Why have the occupational hygiene strategy?

Between 2% and 5% of railway operatives suffer ill health caused or made worse by work. Long-term occupational diseases can result from a multitude of exposures and often have a long latency period, not appearing until a significant time after the first personal exposure.

Evolving knowledge of exposure to health hazards has led to the identification of more occupational diseases.  The rail industry has legal (under the Health and Safety at Work Act, 1974), ethical, and financial responsibilities to use the science of occupational hygiene to anticipate, recognise, evaluate, and establish control measures to prevent occupational ill health.

RSSB and the Occupational Hygiene Management Group have published a briefing on how occupational hygiene can support the industry to improve workforce health and wellbeing. This accompanies a cross-industry strategy to identify activities to improve how health hazards and their potential control methods are identified, prioritised, and managed.

Who can use the occupational hygiene strategy?

The Occupational Hygiene strategy has been designed for use by those responsible for health and safety—primarily business managers and trade union safety representatives. It provides a roadmap for industry to improve the management of health hazards. The strategy focuses on three crucial areas:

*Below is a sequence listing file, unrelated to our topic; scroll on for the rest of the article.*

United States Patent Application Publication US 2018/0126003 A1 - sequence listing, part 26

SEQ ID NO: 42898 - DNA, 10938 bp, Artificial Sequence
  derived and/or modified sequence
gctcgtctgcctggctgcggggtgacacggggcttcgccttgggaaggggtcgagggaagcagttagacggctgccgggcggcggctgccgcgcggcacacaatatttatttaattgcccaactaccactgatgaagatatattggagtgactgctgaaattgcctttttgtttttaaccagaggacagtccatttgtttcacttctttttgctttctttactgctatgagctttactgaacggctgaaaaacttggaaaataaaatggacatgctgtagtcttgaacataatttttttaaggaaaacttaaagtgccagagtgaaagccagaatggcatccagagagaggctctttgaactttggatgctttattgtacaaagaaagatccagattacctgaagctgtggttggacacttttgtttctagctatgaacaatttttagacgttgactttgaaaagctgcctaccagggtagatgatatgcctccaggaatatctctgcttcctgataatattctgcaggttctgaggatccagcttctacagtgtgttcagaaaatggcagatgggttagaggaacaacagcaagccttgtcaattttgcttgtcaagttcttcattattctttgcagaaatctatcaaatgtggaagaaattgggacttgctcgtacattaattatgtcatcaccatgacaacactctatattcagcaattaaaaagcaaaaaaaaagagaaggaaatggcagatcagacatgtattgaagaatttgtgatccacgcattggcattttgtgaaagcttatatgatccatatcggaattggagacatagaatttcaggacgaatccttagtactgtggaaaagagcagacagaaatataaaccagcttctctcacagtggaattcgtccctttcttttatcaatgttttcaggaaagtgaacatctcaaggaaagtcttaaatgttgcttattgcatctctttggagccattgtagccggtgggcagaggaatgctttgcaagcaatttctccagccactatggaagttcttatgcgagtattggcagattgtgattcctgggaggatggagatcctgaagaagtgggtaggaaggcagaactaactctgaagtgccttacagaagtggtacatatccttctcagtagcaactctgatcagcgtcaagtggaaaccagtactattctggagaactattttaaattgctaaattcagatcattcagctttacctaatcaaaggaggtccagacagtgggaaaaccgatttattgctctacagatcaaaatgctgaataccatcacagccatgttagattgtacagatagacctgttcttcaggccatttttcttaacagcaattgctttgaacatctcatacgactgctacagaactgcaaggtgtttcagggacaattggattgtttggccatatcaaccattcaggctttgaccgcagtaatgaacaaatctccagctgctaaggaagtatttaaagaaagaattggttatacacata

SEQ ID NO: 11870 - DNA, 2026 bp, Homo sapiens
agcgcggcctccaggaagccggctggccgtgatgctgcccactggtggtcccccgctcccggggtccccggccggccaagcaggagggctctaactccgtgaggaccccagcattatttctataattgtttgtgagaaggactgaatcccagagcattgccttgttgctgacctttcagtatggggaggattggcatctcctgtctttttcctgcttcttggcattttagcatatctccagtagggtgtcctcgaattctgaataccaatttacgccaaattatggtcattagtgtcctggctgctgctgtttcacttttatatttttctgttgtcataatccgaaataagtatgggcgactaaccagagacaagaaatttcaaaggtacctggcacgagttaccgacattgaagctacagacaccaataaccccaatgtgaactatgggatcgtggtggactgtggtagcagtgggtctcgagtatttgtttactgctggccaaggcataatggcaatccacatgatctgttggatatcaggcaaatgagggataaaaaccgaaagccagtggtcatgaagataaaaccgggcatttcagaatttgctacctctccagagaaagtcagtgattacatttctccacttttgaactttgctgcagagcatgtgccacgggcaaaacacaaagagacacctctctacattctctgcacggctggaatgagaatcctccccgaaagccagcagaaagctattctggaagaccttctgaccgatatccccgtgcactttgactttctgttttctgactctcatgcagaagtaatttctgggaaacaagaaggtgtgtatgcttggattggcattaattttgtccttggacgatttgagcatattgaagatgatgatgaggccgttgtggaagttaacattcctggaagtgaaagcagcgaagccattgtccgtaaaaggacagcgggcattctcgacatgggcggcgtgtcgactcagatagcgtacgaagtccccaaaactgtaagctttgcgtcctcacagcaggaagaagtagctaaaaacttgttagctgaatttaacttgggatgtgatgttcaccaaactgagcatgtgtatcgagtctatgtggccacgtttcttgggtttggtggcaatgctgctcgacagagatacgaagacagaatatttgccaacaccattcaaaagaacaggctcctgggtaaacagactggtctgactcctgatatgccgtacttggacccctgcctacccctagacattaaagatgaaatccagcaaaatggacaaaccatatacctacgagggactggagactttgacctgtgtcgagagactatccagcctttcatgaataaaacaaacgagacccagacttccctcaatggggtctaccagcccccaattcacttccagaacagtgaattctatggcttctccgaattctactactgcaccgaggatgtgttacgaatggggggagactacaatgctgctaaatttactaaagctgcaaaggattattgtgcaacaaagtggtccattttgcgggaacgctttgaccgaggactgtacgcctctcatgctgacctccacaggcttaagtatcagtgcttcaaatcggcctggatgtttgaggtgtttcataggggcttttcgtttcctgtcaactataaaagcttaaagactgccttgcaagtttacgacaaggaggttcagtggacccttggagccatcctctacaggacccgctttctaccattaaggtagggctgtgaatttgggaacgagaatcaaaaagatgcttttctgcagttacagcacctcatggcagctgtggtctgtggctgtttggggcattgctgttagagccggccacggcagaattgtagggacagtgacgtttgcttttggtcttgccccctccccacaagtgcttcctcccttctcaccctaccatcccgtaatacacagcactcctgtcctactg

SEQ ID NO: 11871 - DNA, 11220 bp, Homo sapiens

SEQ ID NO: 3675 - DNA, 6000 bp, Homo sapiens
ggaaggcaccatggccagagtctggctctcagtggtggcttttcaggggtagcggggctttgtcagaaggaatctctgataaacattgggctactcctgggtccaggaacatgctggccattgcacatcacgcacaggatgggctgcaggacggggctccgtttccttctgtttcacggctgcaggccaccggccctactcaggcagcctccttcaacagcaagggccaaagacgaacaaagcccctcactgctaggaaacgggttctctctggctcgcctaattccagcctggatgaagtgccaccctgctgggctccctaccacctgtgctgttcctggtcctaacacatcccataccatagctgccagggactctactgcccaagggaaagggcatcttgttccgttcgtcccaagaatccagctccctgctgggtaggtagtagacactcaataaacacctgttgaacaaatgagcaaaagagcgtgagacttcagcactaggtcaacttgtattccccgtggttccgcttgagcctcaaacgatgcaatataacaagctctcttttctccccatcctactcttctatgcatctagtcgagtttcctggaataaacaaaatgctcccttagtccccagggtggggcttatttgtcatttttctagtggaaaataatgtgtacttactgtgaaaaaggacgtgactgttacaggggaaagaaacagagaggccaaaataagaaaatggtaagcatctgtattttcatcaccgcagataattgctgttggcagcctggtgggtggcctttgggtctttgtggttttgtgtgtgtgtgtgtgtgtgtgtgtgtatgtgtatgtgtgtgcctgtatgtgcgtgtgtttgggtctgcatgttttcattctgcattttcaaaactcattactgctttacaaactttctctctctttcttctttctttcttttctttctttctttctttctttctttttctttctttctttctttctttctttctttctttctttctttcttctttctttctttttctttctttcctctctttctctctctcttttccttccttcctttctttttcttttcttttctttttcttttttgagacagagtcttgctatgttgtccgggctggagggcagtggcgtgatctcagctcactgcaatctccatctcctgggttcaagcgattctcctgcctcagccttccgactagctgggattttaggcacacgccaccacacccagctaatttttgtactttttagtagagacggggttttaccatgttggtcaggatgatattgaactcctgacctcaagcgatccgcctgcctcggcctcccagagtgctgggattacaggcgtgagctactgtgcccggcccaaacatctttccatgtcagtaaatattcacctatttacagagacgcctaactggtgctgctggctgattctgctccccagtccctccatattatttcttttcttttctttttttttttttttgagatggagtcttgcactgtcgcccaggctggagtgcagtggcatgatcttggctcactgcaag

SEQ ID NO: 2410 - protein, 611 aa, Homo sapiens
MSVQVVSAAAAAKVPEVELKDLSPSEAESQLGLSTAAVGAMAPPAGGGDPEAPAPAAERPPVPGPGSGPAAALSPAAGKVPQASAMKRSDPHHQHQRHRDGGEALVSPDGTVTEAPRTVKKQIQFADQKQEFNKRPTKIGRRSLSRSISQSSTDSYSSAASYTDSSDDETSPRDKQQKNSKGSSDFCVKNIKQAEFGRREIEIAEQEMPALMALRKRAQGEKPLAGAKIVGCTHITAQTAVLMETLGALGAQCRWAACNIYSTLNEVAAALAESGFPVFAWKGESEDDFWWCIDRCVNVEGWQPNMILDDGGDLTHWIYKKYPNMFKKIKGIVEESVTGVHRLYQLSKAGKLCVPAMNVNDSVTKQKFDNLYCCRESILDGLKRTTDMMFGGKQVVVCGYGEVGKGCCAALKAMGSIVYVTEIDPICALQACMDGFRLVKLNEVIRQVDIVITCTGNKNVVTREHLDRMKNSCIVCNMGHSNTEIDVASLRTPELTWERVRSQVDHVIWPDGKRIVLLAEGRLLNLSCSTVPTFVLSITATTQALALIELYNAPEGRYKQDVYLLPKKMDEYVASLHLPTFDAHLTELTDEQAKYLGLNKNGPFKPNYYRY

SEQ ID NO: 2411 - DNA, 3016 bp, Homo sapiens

• forming an industry health risk profile
  • supporting consistent management of health hazards
  • improving occupational hygiene awareness.

The benefits of occupational hygiene

The ORR’s ‘Closing the Gap on Health’ (2019) report indicated that annually between 2% and 5% of railway staff suffer ill health caused or made worse by work. Based on the range of values for the rate per 100,000 workers, the rate of work-related ill health in railway operatives is broadly comparable with the construction sector (3%-5%) and with transport associate professionals (2%-6%) while RSSB’s 2019 report 'Cost of Impaired Health Across the Rail Network' estimates that total sickness absence costs within the rail industry sits at £335m every year.  The HSE estimate that new cases of work-related illness within the rail industry costs the employing companies between £2.2m and £4.4m every year, with short latency diseases costing the industry £4,000 per employee.

Through the application of occupational hygiene, the GB rail industry and its employees will benefit from:

  • improvements to worker health and increased life expectancy
  • a reduction in the number of operators who must leave employment early through injury and illness
  • a lower social and healthcare cost with increased worker potential
  • more efficient working processes with technological improvements and increased productivity.